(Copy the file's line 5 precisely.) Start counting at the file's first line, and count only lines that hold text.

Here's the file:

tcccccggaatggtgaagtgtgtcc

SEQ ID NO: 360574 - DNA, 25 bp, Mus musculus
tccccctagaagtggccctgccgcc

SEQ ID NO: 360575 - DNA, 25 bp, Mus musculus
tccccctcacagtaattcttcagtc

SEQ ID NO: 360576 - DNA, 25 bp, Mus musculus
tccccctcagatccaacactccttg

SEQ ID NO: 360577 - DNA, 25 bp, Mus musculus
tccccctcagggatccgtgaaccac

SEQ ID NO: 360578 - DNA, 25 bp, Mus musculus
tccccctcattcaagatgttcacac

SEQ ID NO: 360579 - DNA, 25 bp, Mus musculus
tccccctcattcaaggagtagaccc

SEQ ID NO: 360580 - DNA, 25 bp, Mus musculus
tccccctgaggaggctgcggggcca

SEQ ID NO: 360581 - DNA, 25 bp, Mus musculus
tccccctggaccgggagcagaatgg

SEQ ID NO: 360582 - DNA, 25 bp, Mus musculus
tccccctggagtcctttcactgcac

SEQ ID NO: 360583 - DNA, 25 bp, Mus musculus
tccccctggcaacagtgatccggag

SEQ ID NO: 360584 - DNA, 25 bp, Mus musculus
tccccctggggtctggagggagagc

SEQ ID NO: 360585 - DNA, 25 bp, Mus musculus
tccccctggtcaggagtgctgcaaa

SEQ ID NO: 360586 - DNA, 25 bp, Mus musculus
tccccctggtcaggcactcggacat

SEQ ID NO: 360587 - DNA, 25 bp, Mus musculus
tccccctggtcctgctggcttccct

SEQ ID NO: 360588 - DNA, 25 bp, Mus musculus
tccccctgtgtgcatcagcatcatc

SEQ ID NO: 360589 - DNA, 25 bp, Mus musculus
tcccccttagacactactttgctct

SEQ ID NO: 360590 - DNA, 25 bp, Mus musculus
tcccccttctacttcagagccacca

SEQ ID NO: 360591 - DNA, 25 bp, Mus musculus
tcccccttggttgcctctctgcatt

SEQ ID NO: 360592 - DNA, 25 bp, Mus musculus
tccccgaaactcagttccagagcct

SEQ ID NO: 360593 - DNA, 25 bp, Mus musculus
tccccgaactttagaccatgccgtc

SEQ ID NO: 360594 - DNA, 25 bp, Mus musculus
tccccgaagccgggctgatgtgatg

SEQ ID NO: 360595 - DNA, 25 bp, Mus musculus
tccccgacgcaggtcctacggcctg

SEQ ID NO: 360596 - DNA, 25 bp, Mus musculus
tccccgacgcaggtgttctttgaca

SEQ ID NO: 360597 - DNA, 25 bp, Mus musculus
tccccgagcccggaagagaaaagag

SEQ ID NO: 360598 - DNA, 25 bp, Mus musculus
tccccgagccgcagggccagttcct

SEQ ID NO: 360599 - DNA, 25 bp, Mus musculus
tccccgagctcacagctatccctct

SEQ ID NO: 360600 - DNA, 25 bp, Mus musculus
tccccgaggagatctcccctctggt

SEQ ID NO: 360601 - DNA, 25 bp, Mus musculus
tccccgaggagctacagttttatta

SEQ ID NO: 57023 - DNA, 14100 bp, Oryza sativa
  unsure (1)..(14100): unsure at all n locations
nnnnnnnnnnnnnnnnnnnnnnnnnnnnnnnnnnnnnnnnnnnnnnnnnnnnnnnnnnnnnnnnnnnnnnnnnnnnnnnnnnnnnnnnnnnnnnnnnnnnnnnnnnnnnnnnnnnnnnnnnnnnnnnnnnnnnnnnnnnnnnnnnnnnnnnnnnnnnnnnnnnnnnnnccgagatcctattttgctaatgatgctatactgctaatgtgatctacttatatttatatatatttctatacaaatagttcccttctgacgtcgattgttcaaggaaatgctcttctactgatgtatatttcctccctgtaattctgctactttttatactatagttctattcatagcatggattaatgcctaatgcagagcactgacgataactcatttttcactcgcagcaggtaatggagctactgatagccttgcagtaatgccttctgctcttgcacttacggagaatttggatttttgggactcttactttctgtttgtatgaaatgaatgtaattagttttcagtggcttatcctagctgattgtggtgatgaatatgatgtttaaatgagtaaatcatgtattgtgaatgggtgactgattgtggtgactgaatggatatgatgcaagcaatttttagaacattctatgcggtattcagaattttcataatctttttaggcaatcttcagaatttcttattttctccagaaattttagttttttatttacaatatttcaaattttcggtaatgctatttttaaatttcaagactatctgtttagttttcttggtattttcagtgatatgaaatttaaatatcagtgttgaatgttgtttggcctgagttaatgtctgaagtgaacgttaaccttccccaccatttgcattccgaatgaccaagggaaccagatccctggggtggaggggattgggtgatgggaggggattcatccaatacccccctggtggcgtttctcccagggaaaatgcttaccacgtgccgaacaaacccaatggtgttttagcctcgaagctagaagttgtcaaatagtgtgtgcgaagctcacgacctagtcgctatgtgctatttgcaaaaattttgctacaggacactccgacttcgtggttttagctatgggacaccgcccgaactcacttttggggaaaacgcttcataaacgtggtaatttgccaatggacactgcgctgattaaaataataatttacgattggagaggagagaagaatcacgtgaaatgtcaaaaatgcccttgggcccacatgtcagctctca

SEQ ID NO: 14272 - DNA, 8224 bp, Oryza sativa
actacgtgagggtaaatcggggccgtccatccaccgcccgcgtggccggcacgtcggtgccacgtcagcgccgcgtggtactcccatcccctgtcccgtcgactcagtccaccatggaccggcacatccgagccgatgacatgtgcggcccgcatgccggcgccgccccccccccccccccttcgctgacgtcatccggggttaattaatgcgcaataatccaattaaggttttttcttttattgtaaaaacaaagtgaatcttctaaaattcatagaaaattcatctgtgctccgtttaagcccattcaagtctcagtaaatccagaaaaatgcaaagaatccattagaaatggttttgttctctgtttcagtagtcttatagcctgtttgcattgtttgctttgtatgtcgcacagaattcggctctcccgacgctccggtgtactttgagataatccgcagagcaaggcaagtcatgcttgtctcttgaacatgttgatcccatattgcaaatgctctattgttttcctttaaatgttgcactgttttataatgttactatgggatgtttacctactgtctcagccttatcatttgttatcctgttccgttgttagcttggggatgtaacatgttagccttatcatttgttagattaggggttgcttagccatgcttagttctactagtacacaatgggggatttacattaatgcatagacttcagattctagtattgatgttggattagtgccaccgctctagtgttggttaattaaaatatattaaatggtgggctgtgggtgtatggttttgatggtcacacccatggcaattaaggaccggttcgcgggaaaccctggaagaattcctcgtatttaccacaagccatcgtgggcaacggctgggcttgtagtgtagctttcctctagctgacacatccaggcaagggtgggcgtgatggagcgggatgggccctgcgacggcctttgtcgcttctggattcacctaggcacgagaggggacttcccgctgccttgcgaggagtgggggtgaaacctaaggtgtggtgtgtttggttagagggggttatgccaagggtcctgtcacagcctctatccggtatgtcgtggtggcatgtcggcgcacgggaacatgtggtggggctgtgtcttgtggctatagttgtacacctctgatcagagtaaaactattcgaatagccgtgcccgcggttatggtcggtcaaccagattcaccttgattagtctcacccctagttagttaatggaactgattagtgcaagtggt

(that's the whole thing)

tccccctcacagtaattcttcagtc